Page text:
05 Feb 2015

Chinese new year

Our colleagues from Aquafil Jiaxing are getting ready to celebrate the Chinese New Year. Read the article below and learn some tips about this Celebration.

Spring Festival, widely known as Chinese New Year in the West, is the most important traditional festival, and most important celebration for families in China. Chinese New Year’s Day’s date is calculated according to the Chinese lunar calendar, hence the date is different each year on the Gregorian (internationally used) calendar, but always in the period between January 21 and February 20. This year, it will be celebrated on Thursday, February 19.

2015 is a year of the “Goat” according to the Chinese 12-year animal zodiac and if you were born in a Goat year you should be particularly careful in 2015.
Chinese tradition says Chinese New Year is a time for families to be together. Wherever they are, people come home to celebrate the festival with their families.
The New Year’s Eve dinner is called Reunion Dinner, and is believed to be the most important meal of the year. Big families – families of several generations sit around round tables and enjoy the food and time together. Certain dishes are eaten during this period for their symbolic meaning but people from North and South China have different sayings about the food they eat on this special day. In northern China a traditional dish for the feast is jiaozi (dumplings). They are shaped like a crescent or half moon. Southern Chinese eat niangao (a cake made of glutinous rice flour) on this special day because niangao sounds like the “higher every year”.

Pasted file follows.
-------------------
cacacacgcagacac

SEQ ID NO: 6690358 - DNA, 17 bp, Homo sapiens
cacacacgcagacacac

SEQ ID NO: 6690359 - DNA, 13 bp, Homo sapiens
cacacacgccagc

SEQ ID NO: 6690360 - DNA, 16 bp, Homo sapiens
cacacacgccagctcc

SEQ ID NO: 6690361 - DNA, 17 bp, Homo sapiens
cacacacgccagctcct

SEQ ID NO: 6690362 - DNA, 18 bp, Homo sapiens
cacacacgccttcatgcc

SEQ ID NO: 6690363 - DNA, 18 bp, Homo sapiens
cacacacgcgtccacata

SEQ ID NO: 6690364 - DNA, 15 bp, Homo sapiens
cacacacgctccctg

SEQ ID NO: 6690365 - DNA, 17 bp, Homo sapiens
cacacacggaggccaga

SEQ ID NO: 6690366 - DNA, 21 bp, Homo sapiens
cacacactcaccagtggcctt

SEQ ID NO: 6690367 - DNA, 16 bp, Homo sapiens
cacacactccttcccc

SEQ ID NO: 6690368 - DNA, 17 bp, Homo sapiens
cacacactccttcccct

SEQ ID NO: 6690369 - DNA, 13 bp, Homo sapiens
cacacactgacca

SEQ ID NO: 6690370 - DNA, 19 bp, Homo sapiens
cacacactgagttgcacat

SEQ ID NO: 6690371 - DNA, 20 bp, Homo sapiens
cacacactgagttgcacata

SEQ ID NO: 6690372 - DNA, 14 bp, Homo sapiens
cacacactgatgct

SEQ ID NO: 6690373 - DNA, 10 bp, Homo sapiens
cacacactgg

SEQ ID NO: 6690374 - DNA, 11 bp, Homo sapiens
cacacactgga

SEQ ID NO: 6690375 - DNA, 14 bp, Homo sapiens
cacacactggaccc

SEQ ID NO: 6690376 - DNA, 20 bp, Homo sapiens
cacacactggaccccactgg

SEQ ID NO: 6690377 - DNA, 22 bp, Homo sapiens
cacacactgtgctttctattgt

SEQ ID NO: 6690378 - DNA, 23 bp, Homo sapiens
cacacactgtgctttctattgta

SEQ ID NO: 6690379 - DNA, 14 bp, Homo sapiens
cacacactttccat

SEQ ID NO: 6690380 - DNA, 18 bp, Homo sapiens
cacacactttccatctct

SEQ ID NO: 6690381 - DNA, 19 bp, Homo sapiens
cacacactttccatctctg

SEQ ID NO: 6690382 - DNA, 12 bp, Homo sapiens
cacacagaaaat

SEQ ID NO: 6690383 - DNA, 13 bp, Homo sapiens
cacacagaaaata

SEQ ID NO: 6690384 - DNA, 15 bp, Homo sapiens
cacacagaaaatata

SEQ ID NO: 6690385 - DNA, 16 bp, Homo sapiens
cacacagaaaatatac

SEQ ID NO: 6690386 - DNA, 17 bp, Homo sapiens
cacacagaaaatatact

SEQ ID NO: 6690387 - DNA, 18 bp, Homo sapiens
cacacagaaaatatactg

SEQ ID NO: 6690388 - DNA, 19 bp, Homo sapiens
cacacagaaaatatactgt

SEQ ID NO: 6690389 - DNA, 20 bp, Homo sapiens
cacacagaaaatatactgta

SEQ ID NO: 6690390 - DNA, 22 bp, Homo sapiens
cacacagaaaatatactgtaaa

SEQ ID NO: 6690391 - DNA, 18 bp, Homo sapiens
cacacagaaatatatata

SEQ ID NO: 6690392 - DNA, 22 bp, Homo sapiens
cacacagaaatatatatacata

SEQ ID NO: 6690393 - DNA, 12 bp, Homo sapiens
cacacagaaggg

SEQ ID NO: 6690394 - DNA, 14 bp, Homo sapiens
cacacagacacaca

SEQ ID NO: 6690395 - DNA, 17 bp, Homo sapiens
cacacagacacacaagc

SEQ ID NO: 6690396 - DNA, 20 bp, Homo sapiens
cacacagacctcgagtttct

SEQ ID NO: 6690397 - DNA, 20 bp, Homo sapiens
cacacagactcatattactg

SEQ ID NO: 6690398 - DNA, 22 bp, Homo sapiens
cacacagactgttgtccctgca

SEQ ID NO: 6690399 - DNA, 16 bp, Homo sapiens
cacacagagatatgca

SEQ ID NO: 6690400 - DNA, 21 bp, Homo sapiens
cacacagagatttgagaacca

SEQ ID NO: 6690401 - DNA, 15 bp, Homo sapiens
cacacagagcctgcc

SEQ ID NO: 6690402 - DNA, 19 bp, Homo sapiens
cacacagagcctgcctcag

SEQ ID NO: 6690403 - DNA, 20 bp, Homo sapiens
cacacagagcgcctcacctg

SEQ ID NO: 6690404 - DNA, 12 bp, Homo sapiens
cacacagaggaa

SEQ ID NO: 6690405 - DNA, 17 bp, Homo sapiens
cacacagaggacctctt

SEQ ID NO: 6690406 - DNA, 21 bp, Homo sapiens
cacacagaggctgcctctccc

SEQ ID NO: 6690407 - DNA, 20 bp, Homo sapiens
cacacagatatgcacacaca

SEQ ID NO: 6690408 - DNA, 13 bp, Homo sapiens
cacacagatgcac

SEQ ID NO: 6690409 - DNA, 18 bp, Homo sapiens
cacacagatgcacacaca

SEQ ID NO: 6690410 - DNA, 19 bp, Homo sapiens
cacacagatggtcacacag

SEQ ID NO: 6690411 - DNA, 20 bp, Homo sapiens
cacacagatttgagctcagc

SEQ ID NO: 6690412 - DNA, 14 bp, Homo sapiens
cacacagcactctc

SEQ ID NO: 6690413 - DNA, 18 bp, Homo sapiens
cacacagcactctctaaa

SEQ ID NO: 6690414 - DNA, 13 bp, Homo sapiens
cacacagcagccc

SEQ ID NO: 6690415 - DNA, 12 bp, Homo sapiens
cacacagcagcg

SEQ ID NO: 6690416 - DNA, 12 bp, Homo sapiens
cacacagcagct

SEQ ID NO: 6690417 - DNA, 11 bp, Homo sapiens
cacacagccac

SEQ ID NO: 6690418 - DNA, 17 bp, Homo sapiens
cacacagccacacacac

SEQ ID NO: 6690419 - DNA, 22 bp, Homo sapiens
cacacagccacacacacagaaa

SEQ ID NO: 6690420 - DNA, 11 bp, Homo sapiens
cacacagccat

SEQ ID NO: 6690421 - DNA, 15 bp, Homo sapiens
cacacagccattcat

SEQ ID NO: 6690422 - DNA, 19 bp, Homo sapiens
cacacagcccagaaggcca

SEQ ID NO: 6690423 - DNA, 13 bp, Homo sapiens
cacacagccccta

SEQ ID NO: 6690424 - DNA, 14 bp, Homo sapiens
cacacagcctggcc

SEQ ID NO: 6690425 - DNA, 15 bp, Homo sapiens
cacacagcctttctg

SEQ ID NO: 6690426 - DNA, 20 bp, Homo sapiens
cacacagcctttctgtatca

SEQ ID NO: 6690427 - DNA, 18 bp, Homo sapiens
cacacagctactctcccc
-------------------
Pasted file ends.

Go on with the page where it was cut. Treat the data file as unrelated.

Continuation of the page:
After the New Year’s Eve dinner, family members will normally stay awake during night. Some people just stay up until midnight after fireworks. According to tales and legends, there was a mythical beast named the “Year”. At the night of New Year’s Eve, the “Year” will come out to harm people, animals, and proprieties. Later, people found that the “Year” is afraid of the color red, fire, and loud sounds. Therefore, at the New Year’s Eve night, people will launch fireworks, light fires, and stay awake the whole night to fend off the “Year”.

One of the most common habits during Chinese New Year is give “red pockets” (hong bao) as presents. Those little bags contain money and are usually given by adults to young children.
On the other hand, it is not recommended to give items like “shoes” (the word “shoes” -“xié” 鞋- sounds like “evil”-“xié” 邪), pears (those sound like “leaving someone”) and watches or clocks since those symbolize the passing of the years and the time and are not a gift auspicious.